Hosting Thanksgiving dinner is a wonderful tradition, a chance to welcome our loved ones into our homes for quality time together and a delicious meal. Should be a breeze, right? But we all know the stress that can come along with hosting such a feast. Ever-expanding ideas for dishes to make and décor to hang leads most Americans to not only overeat, but also overspend. Here are five ways to prevent breaking the bank completely (both calorically and financially).
Making a menu and full ingredient list a few weeks before Thanksgiving will give you a few advantages. With time to prepare, you can perfect a balanced and simple menu. Avoid the extravagant marinades, sides, and garnishes: Go back to the basics! You can also alleviate the burden of one large purchase and buy a little at a time. Bring your list to the store once November hits and be on the lookout for coupons, sales, and nonperishable ingredients in bulk; this helps cut the cost per item.
Bake from scratch.
Pre-heat that oven and get baking! Store-bought pies, especially from private bakeries, can be costly. Stock up on baking ingredients for a less expensive approach. For those of you looking to watch calories this Thanksgiving, get creative and find a light recipe that appeals to you. Ditch the store-bought custards and crèmes and make a delicious pumpkin- or fruit-based pie instead.
Focus on vegetables.
Seasonal low-cost items such as sweet potatoes, squash, kale, brussels sprouts, beets, and carrots can make a variety of side dishes. Not only will the veggies add a pop of color to your spread, they will save you money. Vegetables are always less expensive than serving additional meats and complex recipes. You and your guests will have a healthier meal (think plates loaded with veggies). Try swapping your sausage stuffing for a vegetarian recipe — you’re likely to cut the cost and calories!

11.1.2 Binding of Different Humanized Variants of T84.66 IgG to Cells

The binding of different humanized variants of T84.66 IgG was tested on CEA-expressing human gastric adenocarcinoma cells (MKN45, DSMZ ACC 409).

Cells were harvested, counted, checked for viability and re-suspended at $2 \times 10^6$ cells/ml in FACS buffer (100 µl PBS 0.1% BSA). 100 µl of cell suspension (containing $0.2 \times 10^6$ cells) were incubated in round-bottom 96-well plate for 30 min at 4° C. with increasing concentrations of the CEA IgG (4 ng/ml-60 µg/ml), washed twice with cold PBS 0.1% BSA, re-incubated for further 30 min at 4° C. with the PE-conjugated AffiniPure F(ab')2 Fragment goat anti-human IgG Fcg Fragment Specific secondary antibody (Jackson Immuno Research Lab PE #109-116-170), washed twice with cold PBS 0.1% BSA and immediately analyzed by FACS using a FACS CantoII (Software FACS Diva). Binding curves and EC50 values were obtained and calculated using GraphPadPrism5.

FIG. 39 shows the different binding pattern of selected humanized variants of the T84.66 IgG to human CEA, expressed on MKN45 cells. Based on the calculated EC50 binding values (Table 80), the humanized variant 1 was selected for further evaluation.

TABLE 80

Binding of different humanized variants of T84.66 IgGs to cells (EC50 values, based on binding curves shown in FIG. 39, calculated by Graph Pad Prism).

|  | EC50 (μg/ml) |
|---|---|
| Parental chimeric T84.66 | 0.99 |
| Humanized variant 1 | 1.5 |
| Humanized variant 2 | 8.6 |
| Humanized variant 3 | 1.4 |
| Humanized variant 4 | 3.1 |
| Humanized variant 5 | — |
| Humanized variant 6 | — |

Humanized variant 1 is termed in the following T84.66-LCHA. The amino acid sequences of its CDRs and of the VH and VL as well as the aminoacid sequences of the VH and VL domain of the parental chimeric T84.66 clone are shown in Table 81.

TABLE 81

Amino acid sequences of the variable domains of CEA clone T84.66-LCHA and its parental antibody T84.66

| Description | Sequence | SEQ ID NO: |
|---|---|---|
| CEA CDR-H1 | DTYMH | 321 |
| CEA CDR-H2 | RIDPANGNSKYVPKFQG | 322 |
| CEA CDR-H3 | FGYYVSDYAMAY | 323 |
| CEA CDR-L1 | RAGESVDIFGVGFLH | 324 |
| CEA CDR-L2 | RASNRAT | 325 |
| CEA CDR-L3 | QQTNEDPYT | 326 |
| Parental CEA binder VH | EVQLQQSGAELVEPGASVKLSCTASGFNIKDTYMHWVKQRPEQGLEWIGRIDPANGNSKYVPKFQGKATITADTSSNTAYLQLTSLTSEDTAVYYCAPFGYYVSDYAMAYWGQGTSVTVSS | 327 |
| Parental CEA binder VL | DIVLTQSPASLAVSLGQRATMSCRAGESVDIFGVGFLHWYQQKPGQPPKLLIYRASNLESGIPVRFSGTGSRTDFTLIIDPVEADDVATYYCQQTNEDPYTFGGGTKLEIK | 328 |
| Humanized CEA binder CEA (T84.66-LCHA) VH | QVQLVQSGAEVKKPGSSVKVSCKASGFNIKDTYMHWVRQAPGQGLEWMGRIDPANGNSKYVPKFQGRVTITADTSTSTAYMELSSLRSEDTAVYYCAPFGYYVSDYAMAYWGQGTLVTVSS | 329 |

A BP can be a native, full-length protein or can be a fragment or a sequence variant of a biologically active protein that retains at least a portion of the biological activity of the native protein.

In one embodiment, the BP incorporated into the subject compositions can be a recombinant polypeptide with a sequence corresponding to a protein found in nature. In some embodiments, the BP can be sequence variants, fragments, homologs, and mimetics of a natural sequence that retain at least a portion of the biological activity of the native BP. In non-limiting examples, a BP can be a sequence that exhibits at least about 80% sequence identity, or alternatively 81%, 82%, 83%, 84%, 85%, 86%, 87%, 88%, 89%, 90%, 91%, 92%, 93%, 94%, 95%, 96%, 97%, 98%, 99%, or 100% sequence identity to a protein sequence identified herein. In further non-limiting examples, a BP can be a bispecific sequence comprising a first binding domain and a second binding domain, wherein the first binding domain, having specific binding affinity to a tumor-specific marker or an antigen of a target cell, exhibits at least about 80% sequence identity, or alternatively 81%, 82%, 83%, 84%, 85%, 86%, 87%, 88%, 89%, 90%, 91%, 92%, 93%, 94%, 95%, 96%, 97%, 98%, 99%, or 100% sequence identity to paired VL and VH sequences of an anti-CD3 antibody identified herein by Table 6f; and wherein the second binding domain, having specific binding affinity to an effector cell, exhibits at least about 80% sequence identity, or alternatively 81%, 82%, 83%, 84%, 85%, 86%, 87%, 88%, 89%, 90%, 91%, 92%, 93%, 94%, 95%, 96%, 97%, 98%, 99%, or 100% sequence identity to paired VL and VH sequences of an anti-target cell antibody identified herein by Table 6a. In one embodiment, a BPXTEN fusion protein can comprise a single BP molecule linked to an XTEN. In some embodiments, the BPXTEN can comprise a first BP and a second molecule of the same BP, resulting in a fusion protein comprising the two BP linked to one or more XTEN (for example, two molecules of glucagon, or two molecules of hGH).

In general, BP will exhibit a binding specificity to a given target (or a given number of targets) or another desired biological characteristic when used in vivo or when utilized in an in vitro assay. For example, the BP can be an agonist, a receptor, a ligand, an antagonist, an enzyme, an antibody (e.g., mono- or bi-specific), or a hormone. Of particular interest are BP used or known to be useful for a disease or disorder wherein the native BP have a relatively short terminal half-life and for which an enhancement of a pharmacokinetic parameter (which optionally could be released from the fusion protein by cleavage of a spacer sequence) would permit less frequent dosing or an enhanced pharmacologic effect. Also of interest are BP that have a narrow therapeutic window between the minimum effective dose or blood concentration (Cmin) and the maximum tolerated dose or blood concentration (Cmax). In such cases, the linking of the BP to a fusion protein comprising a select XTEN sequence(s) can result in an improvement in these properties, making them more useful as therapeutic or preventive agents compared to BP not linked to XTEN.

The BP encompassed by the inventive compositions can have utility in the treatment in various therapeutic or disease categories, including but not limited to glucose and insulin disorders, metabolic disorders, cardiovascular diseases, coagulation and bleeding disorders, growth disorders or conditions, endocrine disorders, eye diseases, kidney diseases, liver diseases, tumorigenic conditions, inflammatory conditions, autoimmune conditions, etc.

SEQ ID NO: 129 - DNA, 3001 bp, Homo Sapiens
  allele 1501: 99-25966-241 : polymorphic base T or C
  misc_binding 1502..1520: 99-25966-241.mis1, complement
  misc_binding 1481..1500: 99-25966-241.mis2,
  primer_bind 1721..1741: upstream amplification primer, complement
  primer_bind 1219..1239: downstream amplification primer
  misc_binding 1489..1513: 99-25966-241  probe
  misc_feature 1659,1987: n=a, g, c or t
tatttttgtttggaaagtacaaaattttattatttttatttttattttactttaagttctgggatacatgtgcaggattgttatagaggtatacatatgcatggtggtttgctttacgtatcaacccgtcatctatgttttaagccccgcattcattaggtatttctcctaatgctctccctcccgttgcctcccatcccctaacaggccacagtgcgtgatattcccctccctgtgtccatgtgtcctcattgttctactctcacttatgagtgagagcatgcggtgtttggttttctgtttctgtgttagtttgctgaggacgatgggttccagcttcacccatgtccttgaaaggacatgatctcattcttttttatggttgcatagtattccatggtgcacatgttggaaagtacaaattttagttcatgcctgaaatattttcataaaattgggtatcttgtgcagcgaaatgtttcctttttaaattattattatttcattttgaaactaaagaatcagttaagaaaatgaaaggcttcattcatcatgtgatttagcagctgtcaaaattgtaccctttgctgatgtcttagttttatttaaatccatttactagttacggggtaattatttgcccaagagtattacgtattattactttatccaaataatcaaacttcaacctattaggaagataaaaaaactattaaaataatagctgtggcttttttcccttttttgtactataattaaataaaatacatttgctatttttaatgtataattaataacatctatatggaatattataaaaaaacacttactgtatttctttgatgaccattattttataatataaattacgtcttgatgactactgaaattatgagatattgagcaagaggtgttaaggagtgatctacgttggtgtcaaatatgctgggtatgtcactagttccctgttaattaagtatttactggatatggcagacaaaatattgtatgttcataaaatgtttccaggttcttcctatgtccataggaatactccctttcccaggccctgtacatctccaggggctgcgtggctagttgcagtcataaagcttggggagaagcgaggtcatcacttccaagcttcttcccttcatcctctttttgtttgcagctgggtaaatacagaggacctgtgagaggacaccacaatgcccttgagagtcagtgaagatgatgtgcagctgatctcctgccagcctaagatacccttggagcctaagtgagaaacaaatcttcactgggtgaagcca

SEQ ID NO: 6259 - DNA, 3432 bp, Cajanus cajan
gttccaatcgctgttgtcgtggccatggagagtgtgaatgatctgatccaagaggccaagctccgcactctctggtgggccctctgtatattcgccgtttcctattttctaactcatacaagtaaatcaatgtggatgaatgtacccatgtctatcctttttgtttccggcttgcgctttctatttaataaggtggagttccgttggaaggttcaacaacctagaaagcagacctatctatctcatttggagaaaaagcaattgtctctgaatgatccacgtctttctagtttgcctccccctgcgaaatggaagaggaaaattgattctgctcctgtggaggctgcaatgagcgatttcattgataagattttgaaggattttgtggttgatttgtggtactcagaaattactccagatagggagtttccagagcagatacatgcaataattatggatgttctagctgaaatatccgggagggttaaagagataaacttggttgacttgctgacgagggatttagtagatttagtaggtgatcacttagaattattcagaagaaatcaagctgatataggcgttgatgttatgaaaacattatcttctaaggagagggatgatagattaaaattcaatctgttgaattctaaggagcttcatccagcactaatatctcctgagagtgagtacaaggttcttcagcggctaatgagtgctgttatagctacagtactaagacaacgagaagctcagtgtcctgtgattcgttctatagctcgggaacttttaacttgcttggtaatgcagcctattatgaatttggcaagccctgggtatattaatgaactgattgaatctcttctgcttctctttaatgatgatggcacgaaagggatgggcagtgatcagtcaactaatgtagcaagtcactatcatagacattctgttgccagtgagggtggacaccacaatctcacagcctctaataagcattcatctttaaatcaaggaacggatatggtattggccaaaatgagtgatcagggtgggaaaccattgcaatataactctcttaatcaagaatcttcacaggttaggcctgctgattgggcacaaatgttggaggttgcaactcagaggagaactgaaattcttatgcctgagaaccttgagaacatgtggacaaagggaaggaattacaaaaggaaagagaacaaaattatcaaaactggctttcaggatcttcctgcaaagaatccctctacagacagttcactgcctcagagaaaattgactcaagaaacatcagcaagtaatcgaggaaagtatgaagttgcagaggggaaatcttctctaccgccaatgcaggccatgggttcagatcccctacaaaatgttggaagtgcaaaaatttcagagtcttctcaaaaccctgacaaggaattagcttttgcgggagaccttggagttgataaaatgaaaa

Make the most of your leftovers.
Even the savviest Thanksgiving hosts are likely to take a hit on their grocery bills. Use your leftovers to minimize grocery costs in the week following the big event. Replicas of the meal itself can become redundant and high in calories, so try something different, such as turkey noodle soup or turkey salad sandwiches.
Get everyone involved by hosting a potluck.
Have your guests each bring a dish; this approach can help you cut costs substantially. It can also be a fun way for you and your loved ones to showcase your best dishes. Bonus: The meal will come together very quickly, allowing you to focus more on spending time with your guests.
Whether you’re a guest or a host, trying a potluck or planning the whole menu, here’s a health tip: Be very selective at holiday meals. Take the foods you look forward to most and leave the ones you could do without or are likely to eat more regularly.
Thanksgiving is meant to be a day full of family, fun, and of course giving thanks. Don’t let the pressure to host an elaborate event get in the way of enjoying the day. You can find ways to save and still have time to relax, enjoy, and let go a little!